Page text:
You know what bugs you, but do you have any idea what bugs your managers? A survey of 483 managers conducted by the American Management Assn. lists the following complaints:
- 62% are bothered by people who fail to deliver what they promise.
- 42.2% are disturbed by poor communication from top-level management.
- 40.6% claim they have more tasks and responsibilities than they have time to handle.
- 38.5% are miffed because other executives take more time than needed in meetings or calls.
- 38.1% claim they do not have the authority to do what is required of them.
- 34.2% object to people who take up too much time with unnecessary information or gossip.
- 34% dont like meetings and appointments set for them without their input.
- 29.8% get riled by meetings that start late.
- 20.1% are disturbed because upper management or peers fail to acknowledge their efforts.
Six of the nine complaints have to do directly or indirectly with time issues. Thats a pretty high frustration factor by anyones evaluation and to suggest that it is the result of wasteful company bureaucracy would be a redundancy. Free advice has been described as the inculcation of the incomprehensible into the ignorant by the incompetent. But, since my IQ is a perfect 20/20, Im going to offer some advice, solicited or not. The most important function of business education is to develop the potential in our professional managers. There is extraordinary potential in ordinary people who are given the right leadership. Therefore, fostering a hierarchical system that treats middle, staff, and line managers like trained robots or by-the-book rubber stamps instead of thinking, knowledgeable, and responsible professionals is a serious mistake no chief executive should make. And yet, the results of the AMA study prove that some of you are guilty as charged. Wasting managers time is something no chief executive can afford to do. And no one wants to waste time in needless meetings, in meetings that start late and last forever, or in meetings that result in miscommunication, poor communication, or no communication at all. When those with authority to control other peoples time use it unproductively, it not only makes people angry, it upsets schedules, creates sidebar problems not anticipated, gives managers an excuse for lack of productivity, and adds stress where too much already exists. When we waste our own time, thats normal operating procedure. But when somebody else wastes our time, its an inexcusable calamity requiring that we do likewise. And the most serious consequence is that we turn our managers into time-counters. They log their minutes like misers count their coins. Time-counting is already prevalent in many professions: attorneys and accountants do their billing on the basis of time spent, whether usefully or wastefully. So do consultants, advertising agencies, efficiency experts, and production engineers. Time really is money. Because the pace and practices of the leader determine the pace and productivity of the pack, how you spend your time will be copied by your associates. It will also determine how they use the time of those who report to them. If you are late for your meetings, they will be late for their meetings. If you dont prepare meeting agendas and stick to them, neither will they. If you wander into pleasant byways instead of sticking to the productive fast-lane highways, so will they. The following are questions all executives should ask themselves every day: Is this meeting really necessary? Does it matter if we do this -- or dont do it? Does it matter if anyone does this? Would I, or anyone else in the company, be missed if we didnt attend this meeting, turned down that event or luncheon, or skipped another dinner? How much of your time are you permitting others to control or fritter away? How many needless meetings have you called? How many are being called by your associates? It has been my experience that better time management saves companies dollars as well as manager stress. Time management will also reduce a companys complaint quotient and its related frustration factor.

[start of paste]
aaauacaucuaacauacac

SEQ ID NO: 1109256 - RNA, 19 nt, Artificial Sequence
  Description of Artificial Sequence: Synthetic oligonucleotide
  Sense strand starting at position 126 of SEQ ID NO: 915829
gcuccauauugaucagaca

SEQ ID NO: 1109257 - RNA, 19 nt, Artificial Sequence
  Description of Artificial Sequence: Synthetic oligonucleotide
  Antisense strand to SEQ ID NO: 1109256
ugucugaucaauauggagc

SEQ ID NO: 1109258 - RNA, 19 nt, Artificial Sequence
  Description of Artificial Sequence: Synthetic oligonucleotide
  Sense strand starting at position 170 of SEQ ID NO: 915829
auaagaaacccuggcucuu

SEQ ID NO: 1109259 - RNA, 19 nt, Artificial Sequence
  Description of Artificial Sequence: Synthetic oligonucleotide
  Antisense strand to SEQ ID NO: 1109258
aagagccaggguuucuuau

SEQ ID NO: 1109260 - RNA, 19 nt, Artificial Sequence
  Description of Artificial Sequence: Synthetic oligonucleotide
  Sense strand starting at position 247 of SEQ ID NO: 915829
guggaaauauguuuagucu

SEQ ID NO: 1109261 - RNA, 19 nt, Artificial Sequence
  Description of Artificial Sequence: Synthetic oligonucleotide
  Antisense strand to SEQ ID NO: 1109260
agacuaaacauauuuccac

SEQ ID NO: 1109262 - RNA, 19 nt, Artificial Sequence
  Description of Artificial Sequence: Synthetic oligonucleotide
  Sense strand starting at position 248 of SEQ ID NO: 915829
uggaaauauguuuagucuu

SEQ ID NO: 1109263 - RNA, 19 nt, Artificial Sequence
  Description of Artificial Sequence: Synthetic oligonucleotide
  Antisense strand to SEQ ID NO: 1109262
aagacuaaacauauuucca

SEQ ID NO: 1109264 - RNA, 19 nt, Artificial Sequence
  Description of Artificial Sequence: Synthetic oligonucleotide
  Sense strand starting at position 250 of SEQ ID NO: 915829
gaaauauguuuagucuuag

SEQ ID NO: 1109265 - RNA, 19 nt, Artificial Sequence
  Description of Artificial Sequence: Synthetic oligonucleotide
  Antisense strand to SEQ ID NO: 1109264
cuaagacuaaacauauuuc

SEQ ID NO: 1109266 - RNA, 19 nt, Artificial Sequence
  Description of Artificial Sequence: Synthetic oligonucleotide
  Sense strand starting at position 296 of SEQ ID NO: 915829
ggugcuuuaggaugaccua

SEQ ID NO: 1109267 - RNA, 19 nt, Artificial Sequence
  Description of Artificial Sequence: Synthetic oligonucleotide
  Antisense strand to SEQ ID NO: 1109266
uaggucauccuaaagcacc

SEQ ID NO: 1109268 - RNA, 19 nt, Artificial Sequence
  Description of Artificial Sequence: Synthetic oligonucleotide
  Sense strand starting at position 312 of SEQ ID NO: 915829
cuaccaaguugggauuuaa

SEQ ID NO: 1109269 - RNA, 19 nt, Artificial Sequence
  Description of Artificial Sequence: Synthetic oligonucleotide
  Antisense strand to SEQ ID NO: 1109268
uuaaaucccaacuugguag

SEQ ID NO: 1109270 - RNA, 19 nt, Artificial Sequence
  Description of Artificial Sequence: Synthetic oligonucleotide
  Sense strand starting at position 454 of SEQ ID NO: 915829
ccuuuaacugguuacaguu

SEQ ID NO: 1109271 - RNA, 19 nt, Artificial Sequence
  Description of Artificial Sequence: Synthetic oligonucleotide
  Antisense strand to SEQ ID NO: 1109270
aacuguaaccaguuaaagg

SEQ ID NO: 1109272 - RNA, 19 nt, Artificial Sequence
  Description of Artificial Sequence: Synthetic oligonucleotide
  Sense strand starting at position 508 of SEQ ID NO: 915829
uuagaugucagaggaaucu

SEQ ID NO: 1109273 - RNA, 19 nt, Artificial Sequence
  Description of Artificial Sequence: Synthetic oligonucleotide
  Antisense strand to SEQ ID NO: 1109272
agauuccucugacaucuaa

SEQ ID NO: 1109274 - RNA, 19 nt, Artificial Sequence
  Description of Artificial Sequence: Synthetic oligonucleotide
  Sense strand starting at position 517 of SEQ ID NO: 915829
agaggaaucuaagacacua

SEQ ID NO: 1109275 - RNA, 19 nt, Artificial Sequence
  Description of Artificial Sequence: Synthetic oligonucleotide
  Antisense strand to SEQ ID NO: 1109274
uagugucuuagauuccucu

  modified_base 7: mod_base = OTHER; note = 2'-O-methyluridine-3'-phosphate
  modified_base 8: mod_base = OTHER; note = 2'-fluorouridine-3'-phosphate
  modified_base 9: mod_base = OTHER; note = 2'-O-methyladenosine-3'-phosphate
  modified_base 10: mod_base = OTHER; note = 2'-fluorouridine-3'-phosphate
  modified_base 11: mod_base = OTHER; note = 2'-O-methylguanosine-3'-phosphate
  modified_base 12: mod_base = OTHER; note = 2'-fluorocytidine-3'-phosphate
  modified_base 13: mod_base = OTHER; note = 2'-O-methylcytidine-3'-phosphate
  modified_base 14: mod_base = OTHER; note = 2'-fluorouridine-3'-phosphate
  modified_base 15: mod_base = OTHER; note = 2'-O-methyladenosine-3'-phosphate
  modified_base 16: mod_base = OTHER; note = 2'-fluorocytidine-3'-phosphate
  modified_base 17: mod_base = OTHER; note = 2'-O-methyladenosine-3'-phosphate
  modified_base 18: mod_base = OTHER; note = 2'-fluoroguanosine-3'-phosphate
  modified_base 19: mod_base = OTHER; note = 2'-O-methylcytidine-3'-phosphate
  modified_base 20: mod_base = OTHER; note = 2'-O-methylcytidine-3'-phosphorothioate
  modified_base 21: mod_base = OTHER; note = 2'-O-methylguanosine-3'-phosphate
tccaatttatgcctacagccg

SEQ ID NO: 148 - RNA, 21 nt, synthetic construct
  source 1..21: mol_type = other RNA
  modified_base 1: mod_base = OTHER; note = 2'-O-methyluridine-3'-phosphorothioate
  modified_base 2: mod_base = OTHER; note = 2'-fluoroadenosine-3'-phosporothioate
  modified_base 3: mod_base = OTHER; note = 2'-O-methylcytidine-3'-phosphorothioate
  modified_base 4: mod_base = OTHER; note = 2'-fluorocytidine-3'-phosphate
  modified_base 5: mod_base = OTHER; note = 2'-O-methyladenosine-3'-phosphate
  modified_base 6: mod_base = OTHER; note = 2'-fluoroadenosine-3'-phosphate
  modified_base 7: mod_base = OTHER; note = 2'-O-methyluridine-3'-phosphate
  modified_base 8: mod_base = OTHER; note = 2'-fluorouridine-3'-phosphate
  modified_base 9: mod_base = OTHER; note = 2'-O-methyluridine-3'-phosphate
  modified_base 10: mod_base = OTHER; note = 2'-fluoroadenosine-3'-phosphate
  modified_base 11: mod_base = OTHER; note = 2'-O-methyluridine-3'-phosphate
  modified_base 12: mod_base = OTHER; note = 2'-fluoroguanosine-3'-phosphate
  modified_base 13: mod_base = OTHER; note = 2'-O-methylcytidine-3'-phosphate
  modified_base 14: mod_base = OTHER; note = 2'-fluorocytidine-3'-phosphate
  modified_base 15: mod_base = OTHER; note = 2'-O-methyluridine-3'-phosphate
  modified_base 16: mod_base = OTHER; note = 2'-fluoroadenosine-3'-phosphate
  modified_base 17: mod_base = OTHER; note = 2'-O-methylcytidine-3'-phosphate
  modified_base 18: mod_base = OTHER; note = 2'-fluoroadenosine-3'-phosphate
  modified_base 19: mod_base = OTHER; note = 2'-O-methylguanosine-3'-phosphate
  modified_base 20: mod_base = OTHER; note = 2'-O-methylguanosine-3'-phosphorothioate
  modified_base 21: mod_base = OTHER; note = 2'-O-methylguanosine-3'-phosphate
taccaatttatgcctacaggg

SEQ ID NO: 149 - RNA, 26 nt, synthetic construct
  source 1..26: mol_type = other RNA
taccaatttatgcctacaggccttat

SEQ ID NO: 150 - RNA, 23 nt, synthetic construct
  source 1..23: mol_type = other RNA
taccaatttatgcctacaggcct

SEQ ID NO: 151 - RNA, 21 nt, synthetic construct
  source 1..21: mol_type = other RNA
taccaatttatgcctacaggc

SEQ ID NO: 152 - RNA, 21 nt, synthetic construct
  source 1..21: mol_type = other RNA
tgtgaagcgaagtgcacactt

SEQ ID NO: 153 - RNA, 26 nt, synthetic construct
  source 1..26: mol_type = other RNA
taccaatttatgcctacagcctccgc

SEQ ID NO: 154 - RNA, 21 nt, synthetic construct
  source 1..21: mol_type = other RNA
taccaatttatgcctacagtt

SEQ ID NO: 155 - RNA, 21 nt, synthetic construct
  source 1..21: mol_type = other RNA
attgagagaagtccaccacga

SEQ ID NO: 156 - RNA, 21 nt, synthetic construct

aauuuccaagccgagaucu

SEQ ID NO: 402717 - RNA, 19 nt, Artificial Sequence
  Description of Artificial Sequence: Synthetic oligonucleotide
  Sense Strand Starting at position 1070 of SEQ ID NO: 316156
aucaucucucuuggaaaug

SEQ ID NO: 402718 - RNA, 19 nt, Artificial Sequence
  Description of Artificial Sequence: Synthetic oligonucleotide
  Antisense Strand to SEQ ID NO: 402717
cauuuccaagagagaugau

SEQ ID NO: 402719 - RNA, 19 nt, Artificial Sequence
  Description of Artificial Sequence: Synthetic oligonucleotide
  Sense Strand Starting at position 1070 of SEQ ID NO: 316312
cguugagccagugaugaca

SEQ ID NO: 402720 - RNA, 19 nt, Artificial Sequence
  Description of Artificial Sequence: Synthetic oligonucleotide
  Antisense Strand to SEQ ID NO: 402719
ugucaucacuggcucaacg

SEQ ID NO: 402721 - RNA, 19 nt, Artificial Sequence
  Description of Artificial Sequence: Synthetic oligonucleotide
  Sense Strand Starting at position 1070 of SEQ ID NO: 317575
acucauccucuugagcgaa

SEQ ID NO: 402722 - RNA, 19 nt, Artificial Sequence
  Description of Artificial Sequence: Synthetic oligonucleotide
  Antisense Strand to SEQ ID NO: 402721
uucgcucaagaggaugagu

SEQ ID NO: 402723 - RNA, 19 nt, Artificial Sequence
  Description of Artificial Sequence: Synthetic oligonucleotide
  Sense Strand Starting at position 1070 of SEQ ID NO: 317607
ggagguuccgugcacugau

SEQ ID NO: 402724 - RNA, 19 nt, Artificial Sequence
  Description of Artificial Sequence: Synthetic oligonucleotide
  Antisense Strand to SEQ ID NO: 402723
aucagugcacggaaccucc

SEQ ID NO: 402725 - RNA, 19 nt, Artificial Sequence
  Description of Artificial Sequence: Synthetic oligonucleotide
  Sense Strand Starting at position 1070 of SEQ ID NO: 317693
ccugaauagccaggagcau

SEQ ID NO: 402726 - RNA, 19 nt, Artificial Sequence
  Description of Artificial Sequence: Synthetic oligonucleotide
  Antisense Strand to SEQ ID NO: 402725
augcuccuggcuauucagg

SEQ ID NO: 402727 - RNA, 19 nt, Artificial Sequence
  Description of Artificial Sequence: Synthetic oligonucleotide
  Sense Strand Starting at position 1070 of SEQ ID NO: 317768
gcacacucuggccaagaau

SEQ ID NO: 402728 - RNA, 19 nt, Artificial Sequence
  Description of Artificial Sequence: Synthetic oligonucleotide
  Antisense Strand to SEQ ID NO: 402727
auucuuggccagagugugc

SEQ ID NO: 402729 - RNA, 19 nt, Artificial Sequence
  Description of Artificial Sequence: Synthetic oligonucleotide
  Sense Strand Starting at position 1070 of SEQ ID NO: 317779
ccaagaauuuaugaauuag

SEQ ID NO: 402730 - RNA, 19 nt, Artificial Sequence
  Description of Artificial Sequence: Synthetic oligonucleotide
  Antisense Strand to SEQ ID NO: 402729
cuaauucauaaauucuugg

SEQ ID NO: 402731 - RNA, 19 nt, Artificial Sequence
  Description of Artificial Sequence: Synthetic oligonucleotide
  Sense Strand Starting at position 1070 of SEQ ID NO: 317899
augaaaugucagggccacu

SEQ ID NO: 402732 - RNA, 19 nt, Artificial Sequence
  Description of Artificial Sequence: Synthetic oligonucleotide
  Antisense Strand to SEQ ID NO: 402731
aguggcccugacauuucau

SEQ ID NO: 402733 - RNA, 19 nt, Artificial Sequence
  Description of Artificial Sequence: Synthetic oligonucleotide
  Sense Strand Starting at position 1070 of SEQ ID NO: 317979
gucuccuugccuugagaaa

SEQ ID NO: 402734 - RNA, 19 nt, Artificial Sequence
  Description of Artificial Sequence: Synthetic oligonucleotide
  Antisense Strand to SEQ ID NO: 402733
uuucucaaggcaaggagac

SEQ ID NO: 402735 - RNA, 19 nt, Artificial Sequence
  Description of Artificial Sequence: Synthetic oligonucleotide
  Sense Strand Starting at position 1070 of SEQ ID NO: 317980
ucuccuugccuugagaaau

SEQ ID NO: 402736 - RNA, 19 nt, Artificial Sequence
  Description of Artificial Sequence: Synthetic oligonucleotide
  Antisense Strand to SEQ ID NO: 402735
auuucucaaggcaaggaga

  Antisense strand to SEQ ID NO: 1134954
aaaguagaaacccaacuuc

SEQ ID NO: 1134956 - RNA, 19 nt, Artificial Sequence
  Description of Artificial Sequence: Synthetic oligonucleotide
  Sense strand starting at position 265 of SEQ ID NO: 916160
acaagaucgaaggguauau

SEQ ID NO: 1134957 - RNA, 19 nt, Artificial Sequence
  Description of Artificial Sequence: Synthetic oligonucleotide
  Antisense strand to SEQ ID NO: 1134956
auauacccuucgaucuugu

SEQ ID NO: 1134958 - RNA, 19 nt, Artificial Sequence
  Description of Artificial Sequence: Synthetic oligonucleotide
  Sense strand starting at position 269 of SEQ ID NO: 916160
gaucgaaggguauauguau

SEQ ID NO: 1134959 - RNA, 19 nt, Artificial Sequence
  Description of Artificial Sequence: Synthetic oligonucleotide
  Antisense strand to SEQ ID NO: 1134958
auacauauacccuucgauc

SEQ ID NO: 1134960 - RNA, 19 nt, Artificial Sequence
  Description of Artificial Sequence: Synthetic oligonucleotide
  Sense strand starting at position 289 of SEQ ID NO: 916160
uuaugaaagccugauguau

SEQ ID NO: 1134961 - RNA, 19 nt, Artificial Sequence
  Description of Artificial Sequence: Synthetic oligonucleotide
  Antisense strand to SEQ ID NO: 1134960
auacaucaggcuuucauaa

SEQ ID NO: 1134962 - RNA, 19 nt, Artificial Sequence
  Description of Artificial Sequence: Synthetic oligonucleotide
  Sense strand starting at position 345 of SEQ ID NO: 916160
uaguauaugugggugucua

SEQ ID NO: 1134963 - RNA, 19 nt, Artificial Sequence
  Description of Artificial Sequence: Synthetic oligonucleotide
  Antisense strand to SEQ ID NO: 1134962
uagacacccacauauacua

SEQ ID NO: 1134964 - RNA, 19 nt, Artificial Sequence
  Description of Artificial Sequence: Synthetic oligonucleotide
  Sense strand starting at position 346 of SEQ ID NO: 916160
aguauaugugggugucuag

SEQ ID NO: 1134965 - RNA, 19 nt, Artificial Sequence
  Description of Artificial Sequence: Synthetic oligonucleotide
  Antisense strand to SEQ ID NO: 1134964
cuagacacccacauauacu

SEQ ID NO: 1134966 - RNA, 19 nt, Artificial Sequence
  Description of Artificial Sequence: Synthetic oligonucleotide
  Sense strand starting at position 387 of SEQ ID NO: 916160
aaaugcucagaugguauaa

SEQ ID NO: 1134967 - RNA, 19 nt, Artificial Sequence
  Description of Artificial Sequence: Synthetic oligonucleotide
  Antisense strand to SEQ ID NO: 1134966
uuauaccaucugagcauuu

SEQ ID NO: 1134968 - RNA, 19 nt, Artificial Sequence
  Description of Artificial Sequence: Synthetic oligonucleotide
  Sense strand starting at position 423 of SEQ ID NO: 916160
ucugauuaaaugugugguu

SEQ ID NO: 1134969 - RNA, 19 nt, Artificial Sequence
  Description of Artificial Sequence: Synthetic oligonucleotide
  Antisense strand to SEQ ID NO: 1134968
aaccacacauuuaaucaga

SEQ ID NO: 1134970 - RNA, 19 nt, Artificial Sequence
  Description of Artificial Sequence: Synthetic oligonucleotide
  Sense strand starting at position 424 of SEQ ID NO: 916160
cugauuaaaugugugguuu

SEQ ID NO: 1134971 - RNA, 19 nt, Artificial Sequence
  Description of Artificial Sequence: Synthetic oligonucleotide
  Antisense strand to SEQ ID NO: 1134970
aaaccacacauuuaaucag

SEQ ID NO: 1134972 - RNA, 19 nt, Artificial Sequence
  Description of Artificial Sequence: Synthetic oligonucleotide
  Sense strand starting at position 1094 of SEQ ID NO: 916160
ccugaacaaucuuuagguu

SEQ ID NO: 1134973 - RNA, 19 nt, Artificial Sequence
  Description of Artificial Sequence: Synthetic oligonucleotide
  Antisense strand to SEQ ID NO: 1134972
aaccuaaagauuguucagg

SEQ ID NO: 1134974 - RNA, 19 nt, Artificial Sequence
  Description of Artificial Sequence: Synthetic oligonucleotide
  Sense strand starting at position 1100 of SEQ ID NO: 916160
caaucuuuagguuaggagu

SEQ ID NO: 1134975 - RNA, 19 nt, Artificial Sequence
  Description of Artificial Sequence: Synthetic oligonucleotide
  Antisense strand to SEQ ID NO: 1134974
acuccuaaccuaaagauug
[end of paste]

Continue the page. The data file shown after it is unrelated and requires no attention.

Sal F. Marino is a former CEO of Penton Publishing Inc. and an IW contributing editor